Will Phone Reading Increase International Ebook Sales

Will Phone Reading Increase International Ebook Sales

Why international phone ebook reading could be the next big thing in ebooks

I hear over and over from authors, they wish they’d been there in Kindle right when they really took off around 2010 to 2012. Right now, they have that chance to be there at the ground floor with international markets. Dan Wood

When the Kindle kicked off the ebook market in 2010, it was a godsend for self-publishing authors. For those who had their ebooks published and available on Kindle at that time, 2010 to 2013 were the glory days when sales rolled in the door.

Fast forward to now, however, and ebook sales on Kindle have become harder to gain due to an over-supply of ebooks, along with a reduction in royalties due to the introduction of Kindle Unlimited subscription reading. One could say that while Kindle and Kindle Direct Publishing has been an outstanding success, it should be tempered by the fact that it has only been a regional success.

For all the cries of monopoly that are directed at Kindle, it is worth noting that the success of Kindle has been limited to the larger English-speaking countries, which are the US, UK, Canada and Australia.

Ebook reading outside the US

In Germany, where Kindle is active of course, it has a much smaller market share in a country that buys a lot of English ebooks. You may not have heard of the ebook seller Tolino, but it sells a lot of ebooks, and not only in Germany. Here are some excerpts from an interview between Joanna Penn and Dan Wood from Draft2Digital in which they discuss the international opportunities for self-publishing authors.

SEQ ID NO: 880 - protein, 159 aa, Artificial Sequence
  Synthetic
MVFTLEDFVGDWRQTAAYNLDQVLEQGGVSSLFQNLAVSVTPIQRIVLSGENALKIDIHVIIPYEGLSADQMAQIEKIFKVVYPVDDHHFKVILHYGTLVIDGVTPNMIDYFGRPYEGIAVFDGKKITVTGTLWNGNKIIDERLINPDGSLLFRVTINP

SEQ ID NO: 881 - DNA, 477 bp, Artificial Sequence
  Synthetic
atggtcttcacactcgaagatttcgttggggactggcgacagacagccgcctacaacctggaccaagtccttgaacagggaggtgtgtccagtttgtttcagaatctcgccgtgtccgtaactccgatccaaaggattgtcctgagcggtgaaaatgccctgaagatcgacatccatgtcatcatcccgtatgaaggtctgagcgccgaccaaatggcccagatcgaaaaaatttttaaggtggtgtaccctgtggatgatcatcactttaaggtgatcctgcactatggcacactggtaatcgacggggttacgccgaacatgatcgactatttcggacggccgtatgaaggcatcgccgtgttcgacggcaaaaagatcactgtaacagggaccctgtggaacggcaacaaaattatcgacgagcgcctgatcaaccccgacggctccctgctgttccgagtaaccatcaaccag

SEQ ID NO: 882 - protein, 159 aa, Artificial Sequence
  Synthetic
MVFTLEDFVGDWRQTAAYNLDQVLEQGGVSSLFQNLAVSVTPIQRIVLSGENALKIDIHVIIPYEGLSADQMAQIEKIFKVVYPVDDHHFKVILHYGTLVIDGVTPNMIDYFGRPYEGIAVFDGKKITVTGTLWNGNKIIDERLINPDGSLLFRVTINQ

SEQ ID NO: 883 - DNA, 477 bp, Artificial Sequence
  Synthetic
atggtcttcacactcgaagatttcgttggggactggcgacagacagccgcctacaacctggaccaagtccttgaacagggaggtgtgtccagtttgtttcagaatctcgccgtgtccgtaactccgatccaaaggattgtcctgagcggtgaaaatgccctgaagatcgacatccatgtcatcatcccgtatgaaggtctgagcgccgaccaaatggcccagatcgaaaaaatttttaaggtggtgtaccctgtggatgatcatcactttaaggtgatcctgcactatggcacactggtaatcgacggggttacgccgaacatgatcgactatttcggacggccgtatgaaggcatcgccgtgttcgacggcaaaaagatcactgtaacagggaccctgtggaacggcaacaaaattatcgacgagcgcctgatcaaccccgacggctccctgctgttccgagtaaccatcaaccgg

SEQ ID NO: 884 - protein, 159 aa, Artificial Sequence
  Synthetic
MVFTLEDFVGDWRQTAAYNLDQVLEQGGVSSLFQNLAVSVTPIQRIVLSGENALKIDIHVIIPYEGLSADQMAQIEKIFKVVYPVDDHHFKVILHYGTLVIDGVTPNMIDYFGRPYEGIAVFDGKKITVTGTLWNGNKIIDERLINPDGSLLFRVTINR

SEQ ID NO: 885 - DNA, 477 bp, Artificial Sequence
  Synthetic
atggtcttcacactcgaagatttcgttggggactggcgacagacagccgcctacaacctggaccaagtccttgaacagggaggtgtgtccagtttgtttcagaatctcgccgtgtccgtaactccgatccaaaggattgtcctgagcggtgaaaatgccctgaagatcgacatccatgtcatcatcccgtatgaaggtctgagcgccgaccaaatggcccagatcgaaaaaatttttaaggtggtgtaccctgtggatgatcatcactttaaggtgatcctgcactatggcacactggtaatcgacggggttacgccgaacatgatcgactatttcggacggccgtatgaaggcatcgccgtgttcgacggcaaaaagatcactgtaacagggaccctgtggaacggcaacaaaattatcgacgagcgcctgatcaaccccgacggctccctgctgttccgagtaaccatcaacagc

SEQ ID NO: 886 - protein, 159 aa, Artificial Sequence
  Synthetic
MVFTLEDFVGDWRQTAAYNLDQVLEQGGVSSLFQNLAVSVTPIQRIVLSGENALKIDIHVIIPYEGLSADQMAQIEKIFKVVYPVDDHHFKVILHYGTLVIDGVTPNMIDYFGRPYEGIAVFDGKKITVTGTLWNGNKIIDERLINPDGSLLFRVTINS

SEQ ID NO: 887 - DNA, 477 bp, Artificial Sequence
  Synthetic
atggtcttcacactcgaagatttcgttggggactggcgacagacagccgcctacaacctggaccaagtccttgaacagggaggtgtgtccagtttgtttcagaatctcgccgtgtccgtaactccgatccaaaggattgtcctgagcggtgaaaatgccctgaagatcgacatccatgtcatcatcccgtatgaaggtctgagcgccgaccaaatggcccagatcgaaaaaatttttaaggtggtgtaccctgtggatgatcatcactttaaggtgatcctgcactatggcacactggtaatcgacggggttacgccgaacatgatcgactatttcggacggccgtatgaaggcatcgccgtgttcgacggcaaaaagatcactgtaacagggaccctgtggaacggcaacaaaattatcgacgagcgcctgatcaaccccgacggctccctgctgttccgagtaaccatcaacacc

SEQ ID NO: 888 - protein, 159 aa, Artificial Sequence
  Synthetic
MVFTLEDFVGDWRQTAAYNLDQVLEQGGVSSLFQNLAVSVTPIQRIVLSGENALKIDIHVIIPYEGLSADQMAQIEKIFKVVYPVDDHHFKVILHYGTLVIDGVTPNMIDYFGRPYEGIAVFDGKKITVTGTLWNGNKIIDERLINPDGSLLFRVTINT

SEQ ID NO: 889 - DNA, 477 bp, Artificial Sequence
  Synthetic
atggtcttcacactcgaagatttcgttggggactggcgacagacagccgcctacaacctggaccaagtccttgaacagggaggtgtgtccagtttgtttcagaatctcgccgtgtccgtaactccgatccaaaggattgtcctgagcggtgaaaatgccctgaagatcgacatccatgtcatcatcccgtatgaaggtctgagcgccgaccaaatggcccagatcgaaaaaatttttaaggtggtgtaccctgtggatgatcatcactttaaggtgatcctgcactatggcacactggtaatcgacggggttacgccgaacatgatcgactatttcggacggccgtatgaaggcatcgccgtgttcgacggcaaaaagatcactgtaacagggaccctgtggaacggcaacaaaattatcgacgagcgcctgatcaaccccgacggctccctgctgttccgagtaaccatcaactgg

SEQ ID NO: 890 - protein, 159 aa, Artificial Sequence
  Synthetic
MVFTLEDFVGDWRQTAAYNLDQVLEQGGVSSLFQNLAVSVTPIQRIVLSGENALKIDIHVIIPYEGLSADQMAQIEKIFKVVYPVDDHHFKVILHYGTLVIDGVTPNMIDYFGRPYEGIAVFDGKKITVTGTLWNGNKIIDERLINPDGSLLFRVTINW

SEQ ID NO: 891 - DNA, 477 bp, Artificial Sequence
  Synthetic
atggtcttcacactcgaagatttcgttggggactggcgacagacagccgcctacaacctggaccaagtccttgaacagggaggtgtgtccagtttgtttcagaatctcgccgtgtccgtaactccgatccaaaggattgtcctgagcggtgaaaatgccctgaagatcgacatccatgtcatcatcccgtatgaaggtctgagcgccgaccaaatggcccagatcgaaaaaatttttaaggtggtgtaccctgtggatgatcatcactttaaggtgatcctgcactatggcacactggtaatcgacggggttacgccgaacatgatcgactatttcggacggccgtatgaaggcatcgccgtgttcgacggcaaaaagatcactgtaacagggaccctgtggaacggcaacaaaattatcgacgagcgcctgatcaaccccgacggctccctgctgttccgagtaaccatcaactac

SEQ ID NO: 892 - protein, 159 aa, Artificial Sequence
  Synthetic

For people who don’t know, Tolino …has it got a bigger market share now than Kindle in Germany? It’s certainly 50%, isn’t it?

Dan: It’s really hard to say. I see varying reports that say yes, it’s bigger. Last year, they’re claiming to be about equal size. They do say that they are bigger in Germany and that central Europe area than Amazon at this point.

People should be going from making 90% of their income from Americans to making only maybe 10%, 15%. That’s how it should look according to the global population.

Kobo, of course, adopted the strategy years ago. So they’re at like a 190 different countries or territories they deliver to.

People are reading more and more on their phones. The Wall Street Journal recently had a great article about that. Especially the case in foreign countries where they might not have internet access in the way we do, except for their phone or the extra income to go out and buy an eReading device just for reading.

With self-publishers becoming more and more over-reliant on Amazon and Kindle for their ebooks sales, will the international market, and phones, be the launching pad for a whole new ebook reading market dynamic?

As an author who was lucky enough to have success in the early years of Kindle, I am now thinking that the phone and international ebook readers may well be the next big ebook thing, so I am returning to open publishing with the thinking that I can’t lose.

While my ebooks are still, of course, available on Amazon Kindle, I am very happy to pass on KDP Select and Kindle Unlimited paid page reads to allow me to publish on new retailers, such as Tolino and 24symbols as well as the well-known ones like Apple, Kobo and Nook.

Am I right in thinking that phone ebook readers will be the next area of market growth for ebooks? Who knows. But I’m willing to try a new approach and try to find new readers. Oh, and ebook buyers.

Derek Haines

Derek Haines is an Australian author, living in Switzerland.

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